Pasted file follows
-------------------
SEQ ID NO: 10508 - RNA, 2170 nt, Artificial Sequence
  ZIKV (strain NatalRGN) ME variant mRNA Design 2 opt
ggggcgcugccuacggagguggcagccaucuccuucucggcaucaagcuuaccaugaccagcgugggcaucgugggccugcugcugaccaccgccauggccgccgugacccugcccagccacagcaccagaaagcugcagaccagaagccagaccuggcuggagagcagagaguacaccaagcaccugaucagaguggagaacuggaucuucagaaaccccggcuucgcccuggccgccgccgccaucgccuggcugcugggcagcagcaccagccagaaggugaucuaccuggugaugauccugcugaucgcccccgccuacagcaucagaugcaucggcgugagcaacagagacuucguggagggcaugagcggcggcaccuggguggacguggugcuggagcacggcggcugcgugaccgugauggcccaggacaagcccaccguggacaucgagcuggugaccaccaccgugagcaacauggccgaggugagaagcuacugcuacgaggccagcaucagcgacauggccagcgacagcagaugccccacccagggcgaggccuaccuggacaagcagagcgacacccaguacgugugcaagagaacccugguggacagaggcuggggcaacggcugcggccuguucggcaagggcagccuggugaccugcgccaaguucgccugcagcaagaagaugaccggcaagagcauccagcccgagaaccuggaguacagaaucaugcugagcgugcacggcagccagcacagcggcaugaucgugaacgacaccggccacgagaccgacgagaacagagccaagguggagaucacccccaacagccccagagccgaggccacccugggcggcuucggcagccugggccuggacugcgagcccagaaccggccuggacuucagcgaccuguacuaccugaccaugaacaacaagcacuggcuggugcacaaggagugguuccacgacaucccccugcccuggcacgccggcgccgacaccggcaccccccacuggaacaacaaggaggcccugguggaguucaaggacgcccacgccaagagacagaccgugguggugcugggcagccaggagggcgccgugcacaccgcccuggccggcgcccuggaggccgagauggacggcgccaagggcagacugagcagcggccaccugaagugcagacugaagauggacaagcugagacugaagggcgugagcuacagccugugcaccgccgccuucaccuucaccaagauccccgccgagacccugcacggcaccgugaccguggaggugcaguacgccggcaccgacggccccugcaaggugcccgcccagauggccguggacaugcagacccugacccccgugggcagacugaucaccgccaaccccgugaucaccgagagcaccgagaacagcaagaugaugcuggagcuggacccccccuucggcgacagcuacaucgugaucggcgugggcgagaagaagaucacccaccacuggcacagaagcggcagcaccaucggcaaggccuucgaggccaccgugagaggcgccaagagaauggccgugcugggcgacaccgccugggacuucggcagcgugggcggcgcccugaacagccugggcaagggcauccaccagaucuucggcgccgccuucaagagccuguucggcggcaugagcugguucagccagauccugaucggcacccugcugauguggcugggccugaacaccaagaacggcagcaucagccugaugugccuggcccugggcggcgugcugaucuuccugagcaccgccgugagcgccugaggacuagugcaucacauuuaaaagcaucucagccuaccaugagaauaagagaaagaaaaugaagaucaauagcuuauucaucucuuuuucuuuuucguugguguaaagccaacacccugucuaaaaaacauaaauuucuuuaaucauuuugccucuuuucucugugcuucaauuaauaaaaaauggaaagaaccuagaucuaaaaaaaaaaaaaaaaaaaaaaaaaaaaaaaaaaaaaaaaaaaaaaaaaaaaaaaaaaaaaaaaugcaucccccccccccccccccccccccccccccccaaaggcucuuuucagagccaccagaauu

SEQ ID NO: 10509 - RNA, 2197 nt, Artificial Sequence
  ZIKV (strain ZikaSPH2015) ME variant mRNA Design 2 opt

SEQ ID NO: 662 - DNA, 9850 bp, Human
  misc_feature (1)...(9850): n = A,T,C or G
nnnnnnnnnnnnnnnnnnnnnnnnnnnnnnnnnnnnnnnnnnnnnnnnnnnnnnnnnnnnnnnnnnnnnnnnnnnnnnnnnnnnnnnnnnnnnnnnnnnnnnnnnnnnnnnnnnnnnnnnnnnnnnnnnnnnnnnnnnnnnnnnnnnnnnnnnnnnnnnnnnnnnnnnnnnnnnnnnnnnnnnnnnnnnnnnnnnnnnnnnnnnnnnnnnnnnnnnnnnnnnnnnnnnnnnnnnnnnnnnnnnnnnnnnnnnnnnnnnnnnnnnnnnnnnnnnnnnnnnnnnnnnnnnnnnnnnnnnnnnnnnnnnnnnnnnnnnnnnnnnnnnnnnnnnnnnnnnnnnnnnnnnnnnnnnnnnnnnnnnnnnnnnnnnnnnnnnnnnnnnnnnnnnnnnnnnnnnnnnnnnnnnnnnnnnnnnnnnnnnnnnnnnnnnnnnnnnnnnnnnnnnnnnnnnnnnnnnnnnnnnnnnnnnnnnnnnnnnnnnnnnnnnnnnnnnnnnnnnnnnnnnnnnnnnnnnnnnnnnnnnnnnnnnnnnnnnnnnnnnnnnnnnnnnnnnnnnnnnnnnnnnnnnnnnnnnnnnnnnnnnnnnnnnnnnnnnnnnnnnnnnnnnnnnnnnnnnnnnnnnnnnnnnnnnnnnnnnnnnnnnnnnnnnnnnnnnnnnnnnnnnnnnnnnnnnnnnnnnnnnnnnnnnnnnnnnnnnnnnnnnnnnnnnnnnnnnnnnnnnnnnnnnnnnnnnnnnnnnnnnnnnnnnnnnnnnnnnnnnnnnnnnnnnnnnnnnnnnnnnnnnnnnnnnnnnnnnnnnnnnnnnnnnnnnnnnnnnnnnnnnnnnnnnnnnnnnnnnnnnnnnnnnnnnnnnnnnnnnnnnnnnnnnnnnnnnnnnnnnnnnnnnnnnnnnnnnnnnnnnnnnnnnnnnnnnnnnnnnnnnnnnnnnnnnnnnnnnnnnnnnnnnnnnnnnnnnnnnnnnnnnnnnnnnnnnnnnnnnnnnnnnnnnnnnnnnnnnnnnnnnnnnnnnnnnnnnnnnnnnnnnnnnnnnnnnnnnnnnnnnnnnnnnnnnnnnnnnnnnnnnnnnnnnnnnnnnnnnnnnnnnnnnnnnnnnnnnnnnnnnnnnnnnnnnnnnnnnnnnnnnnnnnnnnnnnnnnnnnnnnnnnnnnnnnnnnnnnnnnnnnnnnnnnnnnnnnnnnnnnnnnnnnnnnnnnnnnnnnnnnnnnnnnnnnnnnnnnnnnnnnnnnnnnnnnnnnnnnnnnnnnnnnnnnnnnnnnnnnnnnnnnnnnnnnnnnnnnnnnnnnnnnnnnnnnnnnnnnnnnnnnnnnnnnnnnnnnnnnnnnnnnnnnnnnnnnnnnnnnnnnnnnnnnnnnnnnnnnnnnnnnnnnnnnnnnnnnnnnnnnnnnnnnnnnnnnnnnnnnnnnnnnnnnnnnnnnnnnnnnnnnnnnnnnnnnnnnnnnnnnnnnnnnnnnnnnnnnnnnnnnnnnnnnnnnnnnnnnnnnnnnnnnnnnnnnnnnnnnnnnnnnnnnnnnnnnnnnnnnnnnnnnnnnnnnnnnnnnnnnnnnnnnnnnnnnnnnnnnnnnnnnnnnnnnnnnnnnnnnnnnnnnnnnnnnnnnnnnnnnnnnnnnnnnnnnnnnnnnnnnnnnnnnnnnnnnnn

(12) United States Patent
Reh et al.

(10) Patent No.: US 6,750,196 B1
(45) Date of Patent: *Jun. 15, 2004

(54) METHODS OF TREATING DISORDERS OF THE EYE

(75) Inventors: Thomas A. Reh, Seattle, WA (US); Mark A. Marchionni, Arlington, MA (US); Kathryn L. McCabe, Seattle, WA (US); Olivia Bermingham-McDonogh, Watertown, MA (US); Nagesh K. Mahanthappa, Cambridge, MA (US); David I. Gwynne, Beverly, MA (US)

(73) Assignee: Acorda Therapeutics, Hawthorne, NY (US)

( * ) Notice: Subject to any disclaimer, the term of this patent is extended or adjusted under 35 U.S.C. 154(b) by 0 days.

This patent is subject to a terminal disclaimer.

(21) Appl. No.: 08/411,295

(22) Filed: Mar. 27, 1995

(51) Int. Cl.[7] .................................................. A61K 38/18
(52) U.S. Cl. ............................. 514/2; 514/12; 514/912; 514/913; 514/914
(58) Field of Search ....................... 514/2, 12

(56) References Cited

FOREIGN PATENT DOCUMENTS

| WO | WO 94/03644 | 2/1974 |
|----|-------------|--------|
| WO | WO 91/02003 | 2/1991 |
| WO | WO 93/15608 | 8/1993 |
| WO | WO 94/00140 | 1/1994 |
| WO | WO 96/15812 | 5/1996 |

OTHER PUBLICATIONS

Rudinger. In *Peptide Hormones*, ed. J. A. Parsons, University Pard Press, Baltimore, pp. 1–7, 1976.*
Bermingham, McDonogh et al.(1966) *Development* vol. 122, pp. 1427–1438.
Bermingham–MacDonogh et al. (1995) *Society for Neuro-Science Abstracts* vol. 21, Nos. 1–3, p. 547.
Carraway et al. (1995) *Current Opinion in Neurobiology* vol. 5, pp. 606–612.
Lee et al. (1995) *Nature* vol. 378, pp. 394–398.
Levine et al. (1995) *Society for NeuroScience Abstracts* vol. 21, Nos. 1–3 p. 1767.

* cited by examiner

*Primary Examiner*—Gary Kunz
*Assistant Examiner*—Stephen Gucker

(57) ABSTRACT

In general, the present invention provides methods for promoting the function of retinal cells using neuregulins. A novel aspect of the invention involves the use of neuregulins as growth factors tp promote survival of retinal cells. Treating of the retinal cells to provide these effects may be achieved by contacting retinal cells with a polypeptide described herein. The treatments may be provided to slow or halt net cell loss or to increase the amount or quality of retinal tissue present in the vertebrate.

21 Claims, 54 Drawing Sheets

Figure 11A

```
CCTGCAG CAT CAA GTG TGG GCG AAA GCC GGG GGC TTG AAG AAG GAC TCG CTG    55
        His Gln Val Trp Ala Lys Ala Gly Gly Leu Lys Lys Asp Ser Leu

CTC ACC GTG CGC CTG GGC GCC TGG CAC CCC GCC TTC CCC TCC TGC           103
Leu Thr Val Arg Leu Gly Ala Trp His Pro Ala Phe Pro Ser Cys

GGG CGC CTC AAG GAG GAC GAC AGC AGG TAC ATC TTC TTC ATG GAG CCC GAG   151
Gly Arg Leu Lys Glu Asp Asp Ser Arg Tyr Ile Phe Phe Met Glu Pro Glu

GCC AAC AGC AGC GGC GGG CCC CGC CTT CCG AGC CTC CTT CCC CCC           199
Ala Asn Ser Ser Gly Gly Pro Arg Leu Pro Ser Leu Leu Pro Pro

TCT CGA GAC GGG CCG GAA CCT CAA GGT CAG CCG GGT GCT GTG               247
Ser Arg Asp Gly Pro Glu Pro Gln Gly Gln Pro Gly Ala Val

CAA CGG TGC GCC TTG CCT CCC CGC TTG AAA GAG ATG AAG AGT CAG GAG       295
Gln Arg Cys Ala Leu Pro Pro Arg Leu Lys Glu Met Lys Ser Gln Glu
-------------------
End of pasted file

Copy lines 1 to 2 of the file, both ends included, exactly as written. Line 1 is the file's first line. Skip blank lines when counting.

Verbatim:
SEQ ID NO: 10508 - RNA, 2170 nt, Artificial Sequence
  ZIKV (strain NatalRGN) ME variant mRNA Design 2 opt